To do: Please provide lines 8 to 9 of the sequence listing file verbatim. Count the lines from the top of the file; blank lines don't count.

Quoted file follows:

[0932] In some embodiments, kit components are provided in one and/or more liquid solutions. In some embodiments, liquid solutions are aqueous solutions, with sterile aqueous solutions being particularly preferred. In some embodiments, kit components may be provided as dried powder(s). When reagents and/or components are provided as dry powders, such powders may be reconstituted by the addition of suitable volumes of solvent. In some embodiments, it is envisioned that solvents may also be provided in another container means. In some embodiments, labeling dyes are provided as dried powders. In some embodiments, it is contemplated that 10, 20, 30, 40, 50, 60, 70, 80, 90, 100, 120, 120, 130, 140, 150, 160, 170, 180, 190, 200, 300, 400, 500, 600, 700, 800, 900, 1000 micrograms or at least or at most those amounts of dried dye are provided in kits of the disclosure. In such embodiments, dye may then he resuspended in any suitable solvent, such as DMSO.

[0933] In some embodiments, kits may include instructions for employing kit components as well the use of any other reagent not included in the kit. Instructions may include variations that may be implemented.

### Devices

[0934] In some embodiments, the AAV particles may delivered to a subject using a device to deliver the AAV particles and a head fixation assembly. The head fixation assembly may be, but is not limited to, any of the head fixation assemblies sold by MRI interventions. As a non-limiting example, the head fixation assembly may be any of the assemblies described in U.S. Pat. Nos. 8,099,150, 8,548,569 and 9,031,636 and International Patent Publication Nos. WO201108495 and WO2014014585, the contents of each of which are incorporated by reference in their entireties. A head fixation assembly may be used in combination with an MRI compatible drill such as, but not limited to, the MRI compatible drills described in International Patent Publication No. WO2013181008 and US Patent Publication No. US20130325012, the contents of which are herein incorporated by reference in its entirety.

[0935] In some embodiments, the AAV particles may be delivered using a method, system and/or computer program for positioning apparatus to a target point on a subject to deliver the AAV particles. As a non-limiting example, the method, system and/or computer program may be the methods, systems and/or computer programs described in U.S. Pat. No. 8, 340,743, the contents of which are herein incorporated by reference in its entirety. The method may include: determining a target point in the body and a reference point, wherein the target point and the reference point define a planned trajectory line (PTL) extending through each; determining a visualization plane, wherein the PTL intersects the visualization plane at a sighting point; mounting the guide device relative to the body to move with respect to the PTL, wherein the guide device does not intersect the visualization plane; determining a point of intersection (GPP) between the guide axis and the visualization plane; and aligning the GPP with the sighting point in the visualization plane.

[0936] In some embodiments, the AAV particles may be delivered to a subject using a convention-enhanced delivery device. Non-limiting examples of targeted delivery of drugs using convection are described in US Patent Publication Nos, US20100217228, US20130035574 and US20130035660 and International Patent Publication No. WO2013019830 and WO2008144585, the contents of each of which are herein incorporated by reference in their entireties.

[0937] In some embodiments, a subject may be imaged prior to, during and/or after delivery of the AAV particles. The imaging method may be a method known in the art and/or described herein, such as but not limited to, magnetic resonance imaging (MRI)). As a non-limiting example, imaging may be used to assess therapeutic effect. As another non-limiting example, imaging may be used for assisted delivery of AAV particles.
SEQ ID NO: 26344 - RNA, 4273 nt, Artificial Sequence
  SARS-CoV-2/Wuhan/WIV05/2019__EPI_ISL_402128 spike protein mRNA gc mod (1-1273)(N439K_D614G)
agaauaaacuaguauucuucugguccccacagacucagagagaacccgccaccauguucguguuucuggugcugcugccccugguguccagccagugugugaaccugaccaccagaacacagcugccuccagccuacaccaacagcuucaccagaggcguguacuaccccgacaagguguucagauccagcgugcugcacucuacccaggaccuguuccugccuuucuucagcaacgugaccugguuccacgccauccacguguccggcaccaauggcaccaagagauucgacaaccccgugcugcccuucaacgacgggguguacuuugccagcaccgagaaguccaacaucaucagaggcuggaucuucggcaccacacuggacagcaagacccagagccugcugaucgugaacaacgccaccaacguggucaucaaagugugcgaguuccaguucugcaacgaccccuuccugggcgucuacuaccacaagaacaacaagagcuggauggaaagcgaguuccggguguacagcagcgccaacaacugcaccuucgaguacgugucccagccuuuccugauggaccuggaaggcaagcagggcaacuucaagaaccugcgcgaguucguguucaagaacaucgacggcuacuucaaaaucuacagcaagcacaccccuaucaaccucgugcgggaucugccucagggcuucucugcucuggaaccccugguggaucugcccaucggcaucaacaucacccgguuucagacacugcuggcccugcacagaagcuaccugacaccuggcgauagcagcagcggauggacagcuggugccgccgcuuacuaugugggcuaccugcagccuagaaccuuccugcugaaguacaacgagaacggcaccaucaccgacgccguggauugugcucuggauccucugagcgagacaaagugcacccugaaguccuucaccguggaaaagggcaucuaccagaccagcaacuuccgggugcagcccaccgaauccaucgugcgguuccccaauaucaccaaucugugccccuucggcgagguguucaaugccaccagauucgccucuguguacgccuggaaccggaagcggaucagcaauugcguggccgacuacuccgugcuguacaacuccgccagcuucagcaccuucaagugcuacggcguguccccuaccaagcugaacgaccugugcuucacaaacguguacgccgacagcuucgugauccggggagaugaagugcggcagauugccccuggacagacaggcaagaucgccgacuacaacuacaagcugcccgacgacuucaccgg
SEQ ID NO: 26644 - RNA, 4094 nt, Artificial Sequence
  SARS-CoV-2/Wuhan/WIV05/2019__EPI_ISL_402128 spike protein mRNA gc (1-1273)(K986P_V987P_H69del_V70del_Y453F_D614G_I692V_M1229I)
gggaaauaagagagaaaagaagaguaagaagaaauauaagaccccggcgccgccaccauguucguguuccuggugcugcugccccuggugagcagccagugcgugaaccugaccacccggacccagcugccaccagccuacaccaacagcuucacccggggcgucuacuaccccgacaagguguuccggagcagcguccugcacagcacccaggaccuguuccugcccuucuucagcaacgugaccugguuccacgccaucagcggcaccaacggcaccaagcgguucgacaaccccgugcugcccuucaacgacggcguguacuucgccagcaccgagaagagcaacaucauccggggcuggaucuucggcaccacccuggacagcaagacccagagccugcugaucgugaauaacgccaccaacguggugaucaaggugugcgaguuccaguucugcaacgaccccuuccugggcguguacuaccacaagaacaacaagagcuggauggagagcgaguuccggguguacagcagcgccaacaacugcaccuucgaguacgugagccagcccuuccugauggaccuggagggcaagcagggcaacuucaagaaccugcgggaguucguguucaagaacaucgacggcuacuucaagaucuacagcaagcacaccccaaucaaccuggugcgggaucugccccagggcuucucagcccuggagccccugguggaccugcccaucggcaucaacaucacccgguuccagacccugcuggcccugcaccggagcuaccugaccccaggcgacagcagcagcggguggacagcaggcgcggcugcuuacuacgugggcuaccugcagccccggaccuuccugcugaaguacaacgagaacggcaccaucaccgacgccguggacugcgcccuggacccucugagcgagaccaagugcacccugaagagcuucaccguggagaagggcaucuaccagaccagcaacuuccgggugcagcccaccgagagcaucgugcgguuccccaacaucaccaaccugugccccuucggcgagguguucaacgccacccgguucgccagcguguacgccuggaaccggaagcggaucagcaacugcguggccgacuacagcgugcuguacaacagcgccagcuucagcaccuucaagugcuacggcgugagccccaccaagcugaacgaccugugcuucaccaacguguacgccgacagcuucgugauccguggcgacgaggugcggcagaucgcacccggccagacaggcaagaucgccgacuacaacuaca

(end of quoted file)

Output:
SEQ ID NO: 26344 - RNA, 4273 nt, Artificial Sequence
  SARS-CoV-2/Wuhan/WIV05/2019__EPI_ISL_402128 spike protein mRNA gc mod (1-1273)(N439K_D614G)